We are still in Sofia at the moment and trying to get most of our chores done. It’s going slowly but we are making progress. The new stove has cleared customs, and is now in our possession. It was not an easy effort, thank goodness for our landlords here in Sofia. They helped us get everything figured out. If it wasn’t for them we wouldn’t have our package, because of course like any governmental office all over the world there are tons of paper work and fees to be paid. And unlike home, none of this isn’t translated into a language people can understand. Woe is the foreigner… who needs to declare anything in Bulgaria! (And next time, we aren’t allowed to import gas stoves. It’s not a gas stove, but we got a stern warning anyway.)

Roadside camping in Bulgaria.

Roadside camping in Bulgaria.

The bicycle chain issue has also been resolved, there is a good shop with in walking distance from our apartment. With good guys that actually ride bikes and not just sell them!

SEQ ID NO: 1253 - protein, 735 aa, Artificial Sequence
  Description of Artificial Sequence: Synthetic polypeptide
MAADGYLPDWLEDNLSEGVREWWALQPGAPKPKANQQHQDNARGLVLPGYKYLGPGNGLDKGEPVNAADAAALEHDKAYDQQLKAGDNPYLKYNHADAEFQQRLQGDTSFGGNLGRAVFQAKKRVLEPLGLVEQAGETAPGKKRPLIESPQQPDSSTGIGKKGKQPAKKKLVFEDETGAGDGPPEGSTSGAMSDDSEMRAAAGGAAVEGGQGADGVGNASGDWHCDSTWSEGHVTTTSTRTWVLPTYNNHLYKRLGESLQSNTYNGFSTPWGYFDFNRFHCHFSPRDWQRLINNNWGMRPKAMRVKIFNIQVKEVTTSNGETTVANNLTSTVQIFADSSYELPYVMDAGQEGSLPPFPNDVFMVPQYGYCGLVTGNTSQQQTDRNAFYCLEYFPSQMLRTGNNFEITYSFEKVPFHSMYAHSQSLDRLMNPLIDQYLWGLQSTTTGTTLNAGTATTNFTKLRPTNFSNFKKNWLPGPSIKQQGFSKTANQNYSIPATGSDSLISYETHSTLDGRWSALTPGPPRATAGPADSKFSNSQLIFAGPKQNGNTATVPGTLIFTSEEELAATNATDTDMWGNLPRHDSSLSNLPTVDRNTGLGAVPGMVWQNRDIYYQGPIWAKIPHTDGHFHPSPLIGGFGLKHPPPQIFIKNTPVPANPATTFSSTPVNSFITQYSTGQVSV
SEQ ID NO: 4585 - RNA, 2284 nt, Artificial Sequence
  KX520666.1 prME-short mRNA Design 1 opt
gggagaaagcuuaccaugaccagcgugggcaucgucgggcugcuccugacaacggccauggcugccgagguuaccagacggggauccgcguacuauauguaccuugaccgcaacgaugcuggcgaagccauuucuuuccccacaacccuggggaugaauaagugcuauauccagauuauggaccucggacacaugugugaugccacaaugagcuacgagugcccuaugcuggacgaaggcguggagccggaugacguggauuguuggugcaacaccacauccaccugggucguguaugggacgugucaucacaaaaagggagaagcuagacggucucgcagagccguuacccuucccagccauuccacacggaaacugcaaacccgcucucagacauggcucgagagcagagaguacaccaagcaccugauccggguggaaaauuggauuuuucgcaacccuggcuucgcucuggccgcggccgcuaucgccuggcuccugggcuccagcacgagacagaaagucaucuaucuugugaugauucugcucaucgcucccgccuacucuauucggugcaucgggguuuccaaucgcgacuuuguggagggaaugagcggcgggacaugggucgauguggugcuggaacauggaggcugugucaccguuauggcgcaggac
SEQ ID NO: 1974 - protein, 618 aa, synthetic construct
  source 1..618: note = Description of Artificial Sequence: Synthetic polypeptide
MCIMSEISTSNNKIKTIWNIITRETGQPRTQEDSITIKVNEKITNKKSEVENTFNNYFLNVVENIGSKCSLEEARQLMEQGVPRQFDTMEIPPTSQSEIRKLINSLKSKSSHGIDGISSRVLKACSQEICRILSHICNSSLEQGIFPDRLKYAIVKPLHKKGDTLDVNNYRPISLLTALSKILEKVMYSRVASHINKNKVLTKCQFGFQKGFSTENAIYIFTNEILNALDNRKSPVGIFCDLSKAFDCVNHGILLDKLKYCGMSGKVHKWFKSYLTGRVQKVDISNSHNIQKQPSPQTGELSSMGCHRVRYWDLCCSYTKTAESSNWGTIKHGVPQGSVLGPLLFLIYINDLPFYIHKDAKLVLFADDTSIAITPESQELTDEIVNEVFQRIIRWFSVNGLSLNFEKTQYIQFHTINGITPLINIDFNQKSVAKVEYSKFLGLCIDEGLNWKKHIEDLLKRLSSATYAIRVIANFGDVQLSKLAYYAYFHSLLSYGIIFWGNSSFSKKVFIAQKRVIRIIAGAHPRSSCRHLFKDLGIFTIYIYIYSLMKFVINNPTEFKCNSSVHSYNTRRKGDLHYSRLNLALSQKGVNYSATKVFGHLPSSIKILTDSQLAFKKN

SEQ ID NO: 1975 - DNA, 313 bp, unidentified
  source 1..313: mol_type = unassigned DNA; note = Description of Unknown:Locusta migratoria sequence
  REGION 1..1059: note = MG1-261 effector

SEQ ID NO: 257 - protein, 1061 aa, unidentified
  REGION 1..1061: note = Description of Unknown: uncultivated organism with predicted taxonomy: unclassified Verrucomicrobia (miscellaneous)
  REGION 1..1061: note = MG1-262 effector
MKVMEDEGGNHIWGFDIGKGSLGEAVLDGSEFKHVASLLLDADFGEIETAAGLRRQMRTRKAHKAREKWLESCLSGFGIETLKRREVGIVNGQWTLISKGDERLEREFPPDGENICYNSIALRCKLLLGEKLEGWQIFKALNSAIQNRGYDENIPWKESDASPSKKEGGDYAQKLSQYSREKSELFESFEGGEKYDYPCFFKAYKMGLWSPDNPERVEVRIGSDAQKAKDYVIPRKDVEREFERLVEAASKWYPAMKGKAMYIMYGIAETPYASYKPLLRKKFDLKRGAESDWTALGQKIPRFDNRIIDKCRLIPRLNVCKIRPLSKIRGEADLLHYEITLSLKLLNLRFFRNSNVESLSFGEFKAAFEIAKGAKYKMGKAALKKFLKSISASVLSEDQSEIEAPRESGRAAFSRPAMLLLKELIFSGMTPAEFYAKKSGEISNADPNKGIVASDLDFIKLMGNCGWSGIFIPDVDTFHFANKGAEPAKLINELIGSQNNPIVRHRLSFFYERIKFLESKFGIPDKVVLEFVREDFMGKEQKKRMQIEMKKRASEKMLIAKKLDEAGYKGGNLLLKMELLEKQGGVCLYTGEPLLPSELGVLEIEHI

We even managed to meet up with our friends (who came to visit us in Sarajevo) again here in Sofia. They leave to go back home soon but it was nice to be able to hangout again before they return to Minneapolis.   We all got together at the big park here is Sofia with some locals and a few other travelers for dinner, drinks, and then later on that night to a Bulgarian Punk Rock Club.

I think I’ll like it here in Bulgaria!

Sofia.

Sofia.

2 responses to “Four Countries in Eight Days

  1. I too was astounded at how awesome the Serbians are. I spent a long weekend in Belgrade when I was living in Hungary in 2004 and it was probably my favorite place I visited while out there. Everyone was really happy to see us there and went out of their way to assure us that they were not mad at us about all the bombing, and brag that they still went out and partied during that time.

    • Yes, we had the same sort of experience. I really enjoyed my time in Serbia and would tell anyone I know to visit. Super nice people!